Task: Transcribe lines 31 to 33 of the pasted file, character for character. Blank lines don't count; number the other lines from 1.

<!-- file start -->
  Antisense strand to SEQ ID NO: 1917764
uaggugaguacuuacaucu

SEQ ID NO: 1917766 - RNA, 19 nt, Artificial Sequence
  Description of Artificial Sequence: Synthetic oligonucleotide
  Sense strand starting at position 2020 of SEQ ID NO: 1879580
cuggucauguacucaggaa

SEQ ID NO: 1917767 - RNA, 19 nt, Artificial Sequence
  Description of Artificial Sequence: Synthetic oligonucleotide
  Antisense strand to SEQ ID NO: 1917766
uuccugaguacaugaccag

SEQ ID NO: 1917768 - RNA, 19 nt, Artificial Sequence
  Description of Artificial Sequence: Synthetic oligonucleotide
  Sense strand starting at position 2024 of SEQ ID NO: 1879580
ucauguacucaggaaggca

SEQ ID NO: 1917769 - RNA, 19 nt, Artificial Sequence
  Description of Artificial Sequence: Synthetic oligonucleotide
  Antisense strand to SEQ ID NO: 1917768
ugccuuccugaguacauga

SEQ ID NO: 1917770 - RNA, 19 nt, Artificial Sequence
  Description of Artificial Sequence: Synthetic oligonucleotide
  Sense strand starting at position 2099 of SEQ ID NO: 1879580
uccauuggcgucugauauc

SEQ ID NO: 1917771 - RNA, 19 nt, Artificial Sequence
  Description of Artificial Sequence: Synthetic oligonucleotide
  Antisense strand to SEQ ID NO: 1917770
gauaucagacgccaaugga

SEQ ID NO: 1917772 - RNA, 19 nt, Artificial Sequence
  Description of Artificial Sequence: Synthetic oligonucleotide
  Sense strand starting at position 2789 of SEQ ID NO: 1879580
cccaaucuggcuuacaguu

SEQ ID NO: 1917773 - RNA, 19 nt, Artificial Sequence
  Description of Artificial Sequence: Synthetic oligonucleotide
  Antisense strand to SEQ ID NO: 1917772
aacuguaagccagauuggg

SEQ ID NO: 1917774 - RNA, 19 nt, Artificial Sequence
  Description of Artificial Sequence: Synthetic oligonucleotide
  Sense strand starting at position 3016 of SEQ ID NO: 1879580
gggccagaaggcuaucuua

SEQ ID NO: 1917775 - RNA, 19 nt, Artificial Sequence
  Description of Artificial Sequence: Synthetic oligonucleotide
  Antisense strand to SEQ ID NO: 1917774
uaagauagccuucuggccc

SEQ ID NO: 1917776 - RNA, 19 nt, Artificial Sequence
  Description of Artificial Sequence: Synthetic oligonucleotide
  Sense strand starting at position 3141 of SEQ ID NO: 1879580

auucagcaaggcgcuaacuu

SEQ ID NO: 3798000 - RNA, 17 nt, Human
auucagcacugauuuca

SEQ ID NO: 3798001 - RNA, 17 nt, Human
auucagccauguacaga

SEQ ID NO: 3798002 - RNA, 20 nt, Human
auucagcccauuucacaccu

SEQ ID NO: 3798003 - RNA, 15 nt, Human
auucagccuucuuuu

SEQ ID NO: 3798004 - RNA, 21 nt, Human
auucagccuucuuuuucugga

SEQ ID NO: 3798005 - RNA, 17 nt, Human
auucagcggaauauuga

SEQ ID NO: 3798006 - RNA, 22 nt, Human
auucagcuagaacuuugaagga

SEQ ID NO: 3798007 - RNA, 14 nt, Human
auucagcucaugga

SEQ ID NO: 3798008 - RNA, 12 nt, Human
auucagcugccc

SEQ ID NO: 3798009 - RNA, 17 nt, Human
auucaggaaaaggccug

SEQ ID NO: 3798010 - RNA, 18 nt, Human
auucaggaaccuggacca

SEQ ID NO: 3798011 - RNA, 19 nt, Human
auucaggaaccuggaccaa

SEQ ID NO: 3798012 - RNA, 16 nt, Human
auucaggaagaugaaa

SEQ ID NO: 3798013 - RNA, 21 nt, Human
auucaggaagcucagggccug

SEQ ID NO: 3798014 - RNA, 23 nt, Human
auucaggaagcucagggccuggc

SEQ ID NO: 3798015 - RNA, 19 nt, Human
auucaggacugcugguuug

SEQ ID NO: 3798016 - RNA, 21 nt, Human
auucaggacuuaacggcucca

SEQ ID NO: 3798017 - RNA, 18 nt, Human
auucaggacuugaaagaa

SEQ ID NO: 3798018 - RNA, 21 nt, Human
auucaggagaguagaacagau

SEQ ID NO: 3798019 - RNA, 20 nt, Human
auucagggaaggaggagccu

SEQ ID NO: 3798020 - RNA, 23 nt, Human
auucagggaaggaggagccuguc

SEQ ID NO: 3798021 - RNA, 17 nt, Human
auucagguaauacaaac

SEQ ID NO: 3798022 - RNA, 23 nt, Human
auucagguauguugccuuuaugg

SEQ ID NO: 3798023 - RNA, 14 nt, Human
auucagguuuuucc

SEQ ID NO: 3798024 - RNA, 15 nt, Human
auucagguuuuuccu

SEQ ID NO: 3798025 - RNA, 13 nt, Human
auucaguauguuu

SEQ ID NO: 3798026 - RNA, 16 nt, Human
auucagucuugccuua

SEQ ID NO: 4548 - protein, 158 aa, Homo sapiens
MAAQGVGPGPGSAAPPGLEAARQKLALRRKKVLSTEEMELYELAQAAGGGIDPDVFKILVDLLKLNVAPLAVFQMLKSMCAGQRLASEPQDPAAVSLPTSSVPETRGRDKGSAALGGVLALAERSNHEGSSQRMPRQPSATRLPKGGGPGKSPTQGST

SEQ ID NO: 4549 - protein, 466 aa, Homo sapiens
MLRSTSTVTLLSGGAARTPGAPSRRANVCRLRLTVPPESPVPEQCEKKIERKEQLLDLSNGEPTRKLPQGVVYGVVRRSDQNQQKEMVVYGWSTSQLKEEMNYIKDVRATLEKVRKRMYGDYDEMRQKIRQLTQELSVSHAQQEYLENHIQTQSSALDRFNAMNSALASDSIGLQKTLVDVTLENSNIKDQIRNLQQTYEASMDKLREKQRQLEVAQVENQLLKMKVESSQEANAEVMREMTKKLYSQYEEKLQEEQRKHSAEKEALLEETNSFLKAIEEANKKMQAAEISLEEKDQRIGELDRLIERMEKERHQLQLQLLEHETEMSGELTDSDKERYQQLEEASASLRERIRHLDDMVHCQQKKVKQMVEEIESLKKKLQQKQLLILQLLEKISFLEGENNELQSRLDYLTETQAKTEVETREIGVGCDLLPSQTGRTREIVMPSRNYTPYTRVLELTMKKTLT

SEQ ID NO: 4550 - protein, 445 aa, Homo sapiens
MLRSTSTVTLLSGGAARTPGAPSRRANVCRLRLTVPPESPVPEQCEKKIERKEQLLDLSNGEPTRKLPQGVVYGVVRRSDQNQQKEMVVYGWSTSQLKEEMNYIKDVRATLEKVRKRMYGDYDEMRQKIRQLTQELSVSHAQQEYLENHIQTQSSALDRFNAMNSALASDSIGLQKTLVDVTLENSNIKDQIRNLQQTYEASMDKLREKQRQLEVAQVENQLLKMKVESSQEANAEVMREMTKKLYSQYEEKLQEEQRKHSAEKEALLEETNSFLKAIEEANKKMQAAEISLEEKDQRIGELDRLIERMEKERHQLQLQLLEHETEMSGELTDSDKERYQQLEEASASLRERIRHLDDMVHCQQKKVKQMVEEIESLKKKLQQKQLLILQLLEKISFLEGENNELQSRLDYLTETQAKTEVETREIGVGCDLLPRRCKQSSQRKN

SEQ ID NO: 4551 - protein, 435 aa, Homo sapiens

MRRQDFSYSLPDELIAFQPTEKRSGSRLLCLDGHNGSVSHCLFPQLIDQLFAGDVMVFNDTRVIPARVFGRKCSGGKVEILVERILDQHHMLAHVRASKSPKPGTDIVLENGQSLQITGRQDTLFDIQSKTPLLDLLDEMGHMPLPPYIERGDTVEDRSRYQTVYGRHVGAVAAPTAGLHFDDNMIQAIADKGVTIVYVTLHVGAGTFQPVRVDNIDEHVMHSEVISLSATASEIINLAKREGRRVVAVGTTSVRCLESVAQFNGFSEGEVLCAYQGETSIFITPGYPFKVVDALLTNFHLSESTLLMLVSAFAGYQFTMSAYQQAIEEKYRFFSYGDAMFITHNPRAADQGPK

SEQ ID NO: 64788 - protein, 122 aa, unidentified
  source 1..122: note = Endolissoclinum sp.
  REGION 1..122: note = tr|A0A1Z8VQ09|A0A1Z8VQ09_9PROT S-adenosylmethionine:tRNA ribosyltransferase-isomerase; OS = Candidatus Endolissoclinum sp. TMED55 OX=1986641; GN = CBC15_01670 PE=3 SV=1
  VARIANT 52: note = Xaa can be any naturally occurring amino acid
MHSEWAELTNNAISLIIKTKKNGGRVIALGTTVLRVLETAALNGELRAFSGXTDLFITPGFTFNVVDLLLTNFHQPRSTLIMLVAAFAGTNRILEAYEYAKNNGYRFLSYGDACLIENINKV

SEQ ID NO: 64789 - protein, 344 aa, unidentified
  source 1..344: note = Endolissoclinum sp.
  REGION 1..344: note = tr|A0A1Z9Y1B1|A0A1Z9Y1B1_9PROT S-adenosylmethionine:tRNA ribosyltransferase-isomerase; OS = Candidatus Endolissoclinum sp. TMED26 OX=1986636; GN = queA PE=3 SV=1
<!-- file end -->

SEQ ID NO: 1917773 - RNA, 19 nt, Artificial Sequence
  Description of Artificial Sequence: Synthetic oligonucleotide
  Antisense strand to SEQ ID NO: 1917772